At least it’s a start. While the Congressional “Super Committee” assigned to find $1.5 trillion in deficit reductions surely may butt heads until its deadline Nov. 23, a non-partisan financial study has recommended reductions of more than $1 trillion with appeal across the political divide.
The U.S. Public Interest Research Group (USPIRG) and the National Taxpayers Union (NPU), although holding widely different views on tax and spending issues, joined to combine their financial know-how to identify programs that both Democrats and Republicans should see as wasteful and inefficient.
Obama has made it even more difficult with his plan to cut more than $3 trillion off the debt. Close to half of the president’s pay-down plan would come from taxes on high–income earners and corporations. Specifically, just those who could help solve the unemployment quagmire. Obama would also cut deductions for charitable giving and mortgage interest deductions for those evil high-income earners.
Obama’s petty hatred of petroleum producers and drug companies called for taking $52 billion from oil and gas producers by changing their accounting rules and snatching some $52 billion from pharmaceutical firms.
Federal workers and retirees, along with veterans, would pay more toward their pensions. Air travelers would pay higher fees, which would raise about $25 billion. Stuck on his view of the villainy of corporate jet owners, Obama would have them pay their “fair share” by charging $100 a flight to bring in $16 billion.
Meanwhile, the NPU and the USPIRG put their fingers on 54 specific reductions in federal spending. They included:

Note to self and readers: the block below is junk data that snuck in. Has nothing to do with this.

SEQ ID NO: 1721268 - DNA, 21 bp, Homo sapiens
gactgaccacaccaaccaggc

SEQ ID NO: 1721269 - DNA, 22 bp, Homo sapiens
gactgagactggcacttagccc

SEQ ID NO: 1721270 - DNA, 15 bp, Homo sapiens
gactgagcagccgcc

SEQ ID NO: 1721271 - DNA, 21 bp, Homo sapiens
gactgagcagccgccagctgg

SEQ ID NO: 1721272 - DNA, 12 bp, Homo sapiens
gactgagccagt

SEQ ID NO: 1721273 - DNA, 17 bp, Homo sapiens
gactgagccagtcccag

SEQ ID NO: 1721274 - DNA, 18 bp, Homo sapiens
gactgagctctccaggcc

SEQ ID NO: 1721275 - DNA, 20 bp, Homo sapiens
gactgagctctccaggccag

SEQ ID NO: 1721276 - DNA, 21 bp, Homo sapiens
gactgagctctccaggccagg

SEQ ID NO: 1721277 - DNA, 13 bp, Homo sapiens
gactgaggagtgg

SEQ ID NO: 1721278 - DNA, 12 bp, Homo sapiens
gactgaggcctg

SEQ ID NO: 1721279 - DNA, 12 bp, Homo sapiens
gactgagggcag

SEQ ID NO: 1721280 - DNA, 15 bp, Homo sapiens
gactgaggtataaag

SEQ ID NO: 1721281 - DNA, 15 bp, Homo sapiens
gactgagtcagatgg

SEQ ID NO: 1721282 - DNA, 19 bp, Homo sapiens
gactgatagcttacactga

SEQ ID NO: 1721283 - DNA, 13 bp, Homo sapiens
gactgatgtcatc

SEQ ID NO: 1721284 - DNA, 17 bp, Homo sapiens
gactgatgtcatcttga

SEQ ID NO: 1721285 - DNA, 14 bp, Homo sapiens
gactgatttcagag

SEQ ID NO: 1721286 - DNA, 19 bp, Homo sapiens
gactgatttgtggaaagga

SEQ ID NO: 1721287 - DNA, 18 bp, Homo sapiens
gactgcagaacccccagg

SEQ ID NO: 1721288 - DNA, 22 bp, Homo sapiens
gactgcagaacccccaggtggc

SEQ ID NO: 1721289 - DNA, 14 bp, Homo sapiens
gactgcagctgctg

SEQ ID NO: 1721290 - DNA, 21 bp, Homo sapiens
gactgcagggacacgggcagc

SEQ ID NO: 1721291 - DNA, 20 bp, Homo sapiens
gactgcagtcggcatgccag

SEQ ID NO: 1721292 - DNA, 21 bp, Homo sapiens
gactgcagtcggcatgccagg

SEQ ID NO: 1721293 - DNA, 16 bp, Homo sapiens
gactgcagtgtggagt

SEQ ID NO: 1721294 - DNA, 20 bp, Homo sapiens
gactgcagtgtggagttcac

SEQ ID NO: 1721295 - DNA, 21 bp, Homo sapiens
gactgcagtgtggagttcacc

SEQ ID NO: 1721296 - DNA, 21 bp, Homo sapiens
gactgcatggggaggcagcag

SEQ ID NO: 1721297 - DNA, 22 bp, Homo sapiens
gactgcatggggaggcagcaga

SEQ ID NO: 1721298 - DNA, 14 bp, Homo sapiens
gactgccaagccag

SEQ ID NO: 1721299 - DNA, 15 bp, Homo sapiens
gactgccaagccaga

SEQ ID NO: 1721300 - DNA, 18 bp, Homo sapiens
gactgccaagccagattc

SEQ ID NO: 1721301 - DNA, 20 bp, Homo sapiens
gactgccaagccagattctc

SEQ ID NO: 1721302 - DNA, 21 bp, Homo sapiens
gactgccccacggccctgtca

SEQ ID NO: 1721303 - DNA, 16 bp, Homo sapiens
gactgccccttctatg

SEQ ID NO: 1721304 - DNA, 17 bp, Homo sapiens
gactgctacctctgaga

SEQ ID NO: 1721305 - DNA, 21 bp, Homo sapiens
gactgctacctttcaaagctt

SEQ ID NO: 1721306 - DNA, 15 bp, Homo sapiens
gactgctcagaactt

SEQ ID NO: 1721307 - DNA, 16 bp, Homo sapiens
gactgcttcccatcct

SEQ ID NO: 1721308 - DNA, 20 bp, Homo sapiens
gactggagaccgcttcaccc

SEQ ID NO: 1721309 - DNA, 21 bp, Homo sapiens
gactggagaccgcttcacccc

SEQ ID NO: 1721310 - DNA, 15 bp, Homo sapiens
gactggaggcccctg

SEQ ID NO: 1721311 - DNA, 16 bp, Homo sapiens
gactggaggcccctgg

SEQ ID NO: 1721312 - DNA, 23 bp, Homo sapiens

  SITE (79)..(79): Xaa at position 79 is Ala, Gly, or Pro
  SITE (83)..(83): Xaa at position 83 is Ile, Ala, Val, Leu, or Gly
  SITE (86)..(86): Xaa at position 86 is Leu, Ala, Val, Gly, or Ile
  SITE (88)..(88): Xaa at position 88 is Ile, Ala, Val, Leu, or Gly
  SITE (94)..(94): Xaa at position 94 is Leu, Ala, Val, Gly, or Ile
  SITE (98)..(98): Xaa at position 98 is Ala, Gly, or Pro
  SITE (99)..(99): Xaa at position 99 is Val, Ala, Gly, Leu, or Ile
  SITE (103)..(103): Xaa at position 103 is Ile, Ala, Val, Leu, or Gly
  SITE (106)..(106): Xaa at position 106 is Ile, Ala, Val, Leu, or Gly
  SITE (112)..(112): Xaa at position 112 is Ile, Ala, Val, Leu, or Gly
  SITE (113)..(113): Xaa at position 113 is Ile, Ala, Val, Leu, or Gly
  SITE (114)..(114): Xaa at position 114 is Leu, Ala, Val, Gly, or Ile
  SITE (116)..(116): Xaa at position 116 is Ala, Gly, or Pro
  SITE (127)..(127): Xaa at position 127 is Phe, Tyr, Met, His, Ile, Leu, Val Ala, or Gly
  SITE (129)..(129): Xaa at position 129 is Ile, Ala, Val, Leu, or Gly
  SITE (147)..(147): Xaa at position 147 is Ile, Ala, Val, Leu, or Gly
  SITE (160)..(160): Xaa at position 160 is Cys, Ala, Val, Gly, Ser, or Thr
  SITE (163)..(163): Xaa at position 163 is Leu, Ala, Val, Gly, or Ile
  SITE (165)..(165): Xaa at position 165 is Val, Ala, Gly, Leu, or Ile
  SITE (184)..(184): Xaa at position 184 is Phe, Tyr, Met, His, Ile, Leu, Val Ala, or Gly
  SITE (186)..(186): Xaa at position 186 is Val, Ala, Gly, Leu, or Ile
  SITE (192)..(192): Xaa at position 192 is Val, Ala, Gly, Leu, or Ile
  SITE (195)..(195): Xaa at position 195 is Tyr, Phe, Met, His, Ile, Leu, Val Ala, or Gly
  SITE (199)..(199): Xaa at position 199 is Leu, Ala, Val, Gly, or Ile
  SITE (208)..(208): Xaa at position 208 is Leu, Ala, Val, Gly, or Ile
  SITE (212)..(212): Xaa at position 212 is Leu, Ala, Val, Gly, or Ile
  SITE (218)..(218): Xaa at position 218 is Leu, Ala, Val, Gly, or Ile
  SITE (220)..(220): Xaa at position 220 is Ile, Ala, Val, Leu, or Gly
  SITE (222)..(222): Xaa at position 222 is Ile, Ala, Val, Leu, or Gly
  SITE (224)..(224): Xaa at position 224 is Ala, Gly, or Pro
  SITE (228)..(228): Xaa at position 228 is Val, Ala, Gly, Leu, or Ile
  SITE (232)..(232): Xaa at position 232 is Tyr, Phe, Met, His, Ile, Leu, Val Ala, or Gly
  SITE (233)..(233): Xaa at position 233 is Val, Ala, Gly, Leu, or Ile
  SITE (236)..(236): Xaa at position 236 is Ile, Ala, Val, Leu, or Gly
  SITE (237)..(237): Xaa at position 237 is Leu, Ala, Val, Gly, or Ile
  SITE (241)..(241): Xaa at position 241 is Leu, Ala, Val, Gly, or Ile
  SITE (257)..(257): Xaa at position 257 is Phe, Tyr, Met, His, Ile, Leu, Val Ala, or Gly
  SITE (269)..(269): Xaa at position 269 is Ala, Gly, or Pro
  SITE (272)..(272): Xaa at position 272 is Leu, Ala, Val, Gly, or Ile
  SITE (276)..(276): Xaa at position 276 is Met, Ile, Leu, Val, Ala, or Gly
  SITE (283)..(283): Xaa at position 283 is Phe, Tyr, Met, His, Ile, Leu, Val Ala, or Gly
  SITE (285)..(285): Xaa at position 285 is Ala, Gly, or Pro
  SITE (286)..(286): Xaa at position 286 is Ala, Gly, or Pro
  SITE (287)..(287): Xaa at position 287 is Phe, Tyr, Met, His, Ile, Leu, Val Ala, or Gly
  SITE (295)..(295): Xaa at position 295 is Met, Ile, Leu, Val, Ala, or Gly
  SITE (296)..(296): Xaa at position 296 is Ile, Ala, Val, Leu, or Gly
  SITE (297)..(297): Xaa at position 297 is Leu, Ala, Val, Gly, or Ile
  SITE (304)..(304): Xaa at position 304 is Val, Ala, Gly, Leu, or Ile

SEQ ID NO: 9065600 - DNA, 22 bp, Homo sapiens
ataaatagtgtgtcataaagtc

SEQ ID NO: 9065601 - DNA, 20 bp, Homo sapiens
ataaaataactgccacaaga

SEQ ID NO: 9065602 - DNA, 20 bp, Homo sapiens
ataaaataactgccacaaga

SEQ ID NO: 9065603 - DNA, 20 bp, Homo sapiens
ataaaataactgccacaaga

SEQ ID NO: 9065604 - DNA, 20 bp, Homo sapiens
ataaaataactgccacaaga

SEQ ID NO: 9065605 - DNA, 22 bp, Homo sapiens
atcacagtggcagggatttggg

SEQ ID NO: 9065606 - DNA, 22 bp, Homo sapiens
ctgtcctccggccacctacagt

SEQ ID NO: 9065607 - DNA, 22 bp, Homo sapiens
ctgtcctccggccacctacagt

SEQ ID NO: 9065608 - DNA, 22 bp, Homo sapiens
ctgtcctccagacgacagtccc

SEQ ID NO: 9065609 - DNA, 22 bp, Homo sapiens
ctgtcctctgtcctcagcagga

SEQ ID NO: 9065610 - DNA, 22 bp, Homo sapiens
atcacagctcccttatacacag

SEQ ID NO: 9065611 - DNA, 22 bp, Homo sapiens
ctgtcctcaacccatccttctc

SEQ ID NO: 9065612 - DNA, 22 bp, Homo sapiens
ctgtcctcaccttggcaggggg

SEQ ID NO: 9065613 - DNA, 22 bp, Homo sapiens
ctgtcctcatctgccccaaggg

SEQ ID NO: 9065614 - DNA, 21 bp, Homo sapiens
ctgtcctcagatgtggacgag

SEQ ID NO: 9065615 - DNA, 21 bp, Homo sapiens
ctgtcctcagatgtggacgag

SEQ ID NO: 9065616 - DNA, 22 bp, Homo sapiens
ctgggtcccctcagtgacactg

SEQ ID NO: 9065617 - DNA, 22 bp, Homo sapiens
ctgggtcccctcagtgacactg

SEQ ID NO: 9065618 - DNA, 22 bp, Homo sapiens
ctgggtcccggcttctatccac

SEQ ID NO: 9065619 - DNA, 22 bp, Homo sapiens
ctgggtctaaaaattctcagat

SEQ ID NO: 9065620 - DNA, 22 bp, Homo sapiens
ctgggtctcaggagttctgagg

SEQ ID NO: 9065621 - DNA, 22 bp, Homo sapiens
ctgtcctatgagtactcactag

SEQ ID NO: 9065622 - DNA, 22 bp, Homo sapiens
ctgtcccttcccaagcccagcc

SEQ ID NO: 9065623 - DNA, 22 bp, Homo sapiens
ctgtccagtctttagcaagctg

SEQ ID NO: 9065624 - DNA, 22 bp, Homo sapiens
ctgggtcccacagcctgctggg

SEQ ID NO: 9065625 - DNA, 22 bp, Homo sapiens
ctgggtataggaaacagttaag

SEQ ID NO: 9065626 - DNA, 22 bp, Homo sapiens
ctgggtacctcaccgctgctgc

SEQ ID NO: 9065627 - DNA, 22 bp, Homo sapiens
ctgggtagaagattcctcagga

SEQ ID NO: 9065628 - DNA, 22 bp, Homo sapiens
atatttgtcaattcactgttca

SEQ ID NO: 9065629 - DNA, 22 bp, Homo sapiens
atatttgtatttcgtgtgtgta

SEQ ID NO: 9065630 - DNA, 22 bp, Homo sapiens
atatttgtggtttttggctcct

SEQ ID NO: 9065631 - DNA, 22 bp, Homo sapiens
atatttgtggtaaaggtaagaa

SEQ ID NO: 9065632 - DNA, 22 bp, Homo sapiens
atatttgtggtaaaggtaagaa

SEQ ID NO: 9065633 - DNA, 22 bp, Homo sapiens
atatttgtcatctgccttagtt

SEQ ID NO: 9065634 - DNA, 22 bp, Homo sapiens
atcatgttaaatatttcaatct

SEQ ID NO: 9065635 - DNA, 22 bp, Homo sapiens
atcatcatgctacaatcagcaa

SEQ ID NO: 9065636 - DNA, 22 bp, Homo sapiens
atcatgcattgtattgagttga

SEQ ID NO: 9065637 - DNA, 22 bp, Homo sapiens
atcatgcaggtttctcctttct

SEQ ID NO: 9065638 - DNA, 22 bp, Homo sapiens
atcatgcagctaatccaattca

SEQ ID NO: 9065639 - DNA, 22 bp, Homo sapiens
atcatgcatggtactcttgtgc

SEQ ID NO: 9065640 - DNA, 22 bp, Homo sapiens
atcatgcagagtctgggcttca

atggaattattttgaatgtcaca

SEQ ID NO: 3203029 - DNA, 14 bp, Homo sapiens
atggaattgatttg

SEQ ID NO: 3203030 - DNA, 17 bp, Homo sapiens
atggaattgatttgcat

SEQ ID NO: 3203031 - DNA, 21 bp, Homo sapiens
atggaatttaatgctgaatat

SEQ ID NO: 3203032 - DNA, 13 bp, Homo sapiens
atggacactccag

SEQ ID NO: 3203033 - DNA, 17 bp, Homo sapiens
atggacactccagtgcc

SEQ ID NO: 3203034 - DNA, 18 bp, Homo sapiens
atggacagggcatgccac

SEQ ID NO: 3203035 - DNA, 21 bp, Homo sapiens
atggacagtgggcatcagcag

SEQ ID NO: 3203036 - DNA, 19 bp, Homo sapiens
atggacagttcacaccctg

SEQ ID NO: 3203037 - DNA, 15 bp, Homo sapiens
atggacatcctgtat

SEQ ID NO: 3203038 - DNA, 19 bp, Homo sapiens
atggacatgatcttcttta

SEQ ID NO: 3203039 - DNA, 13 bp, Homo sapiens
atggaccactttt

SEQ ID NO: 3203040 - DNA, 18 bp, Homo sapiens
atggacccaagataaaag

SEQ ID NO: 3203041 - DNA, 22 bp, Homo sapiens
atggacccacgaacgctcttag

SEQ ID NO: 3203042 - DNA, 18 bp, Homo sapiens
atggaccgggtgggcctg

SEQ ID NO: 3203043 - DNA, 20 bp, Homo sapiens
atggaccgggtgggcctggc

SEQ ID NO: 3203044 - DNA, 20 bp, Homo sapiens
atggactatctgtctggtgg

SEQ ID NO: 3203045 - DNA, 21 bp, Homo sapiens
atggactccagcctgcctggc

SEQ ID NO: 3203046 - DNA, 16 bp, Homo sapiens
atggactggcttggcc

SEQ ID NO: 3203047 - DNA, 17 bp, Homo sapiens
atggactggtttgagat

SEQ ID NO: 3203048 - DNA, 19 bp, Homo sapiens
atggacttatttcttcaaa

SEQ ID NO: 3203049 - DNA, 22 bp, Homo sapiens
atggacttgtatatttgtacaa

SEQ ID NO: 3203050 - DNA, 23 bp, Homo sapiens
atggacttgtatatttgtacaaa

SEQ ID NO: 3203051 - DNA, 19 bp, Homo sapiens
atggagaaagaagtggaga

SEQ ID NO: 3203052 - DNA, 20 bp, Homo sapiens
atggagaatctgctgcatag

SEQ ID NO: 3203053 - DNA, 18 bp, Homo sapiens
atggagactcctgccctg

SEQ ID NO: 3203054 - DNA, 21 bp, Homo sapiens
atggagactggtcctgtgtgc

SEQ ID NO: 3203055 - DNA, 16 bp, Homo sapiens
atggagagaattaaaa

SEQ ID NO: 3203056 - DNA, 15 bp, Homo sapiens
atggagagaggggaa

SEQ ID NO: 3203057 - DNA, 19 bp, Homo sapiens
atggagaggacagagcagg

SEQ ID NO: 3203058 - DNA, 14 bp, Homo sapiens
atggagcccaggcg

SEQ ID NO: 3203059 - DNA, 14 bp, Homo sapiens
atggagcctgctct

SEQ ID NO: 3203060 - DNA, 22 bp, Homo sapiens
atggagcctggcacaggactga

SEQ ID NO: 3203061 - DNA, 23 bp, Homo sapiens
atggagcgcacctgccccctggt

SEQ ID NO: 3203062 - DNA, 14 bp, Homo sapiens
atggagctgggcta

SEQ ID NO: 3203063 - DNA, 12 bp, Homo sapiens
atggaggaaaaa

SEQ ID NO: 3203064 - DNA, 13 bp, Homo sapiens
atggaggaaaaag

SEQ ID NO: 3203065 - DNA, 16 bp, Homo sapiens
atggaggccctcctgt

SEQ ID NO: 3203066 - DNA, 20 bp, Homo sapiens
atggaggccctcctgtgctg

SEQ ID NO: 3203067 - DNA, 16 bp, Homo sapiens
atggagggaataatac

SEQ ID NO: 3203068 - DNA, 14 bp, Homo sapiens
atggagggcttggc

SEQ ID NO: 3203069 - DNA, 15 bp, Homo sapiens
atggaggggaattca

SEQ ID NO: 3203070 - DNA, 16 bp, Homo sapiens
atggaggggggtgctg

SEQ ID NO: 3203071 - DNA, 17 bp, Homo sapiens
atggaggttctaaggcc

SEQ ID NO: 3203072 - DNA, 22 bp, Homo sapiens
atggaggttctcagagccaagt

- $214.9 billion in savings by crossing out wasteful subsidies to agribusiness firms and other corporations.
- $428.8 billion in savings by ending low-priority and unneeded military programs.
- $232.3 billion in savings from improvements in government operations.
- $132.1 billion in savings from reforming major entitlement programs.
Study co-author Andrew Moylan, government affairs vice president of the National Taxpayers Union, said that through the din of partisan rancor, “there is actually a large amount of agreement between watchdog groups, both right and left, about where the waste is in the budget.” Co-author Dan Smith, Tax and Budget expert with USPIRG, said, “These recommendations correct years of inside lobbying that has benefited narrow interests…”
“Each recommendation,” the two organization said in their study, includes a ten-year estimate “backed up by such authoritative sources such as the Congressional Budget Office, Government Accountability Office, Office of Management and Budget, or bipartisan working groups.”
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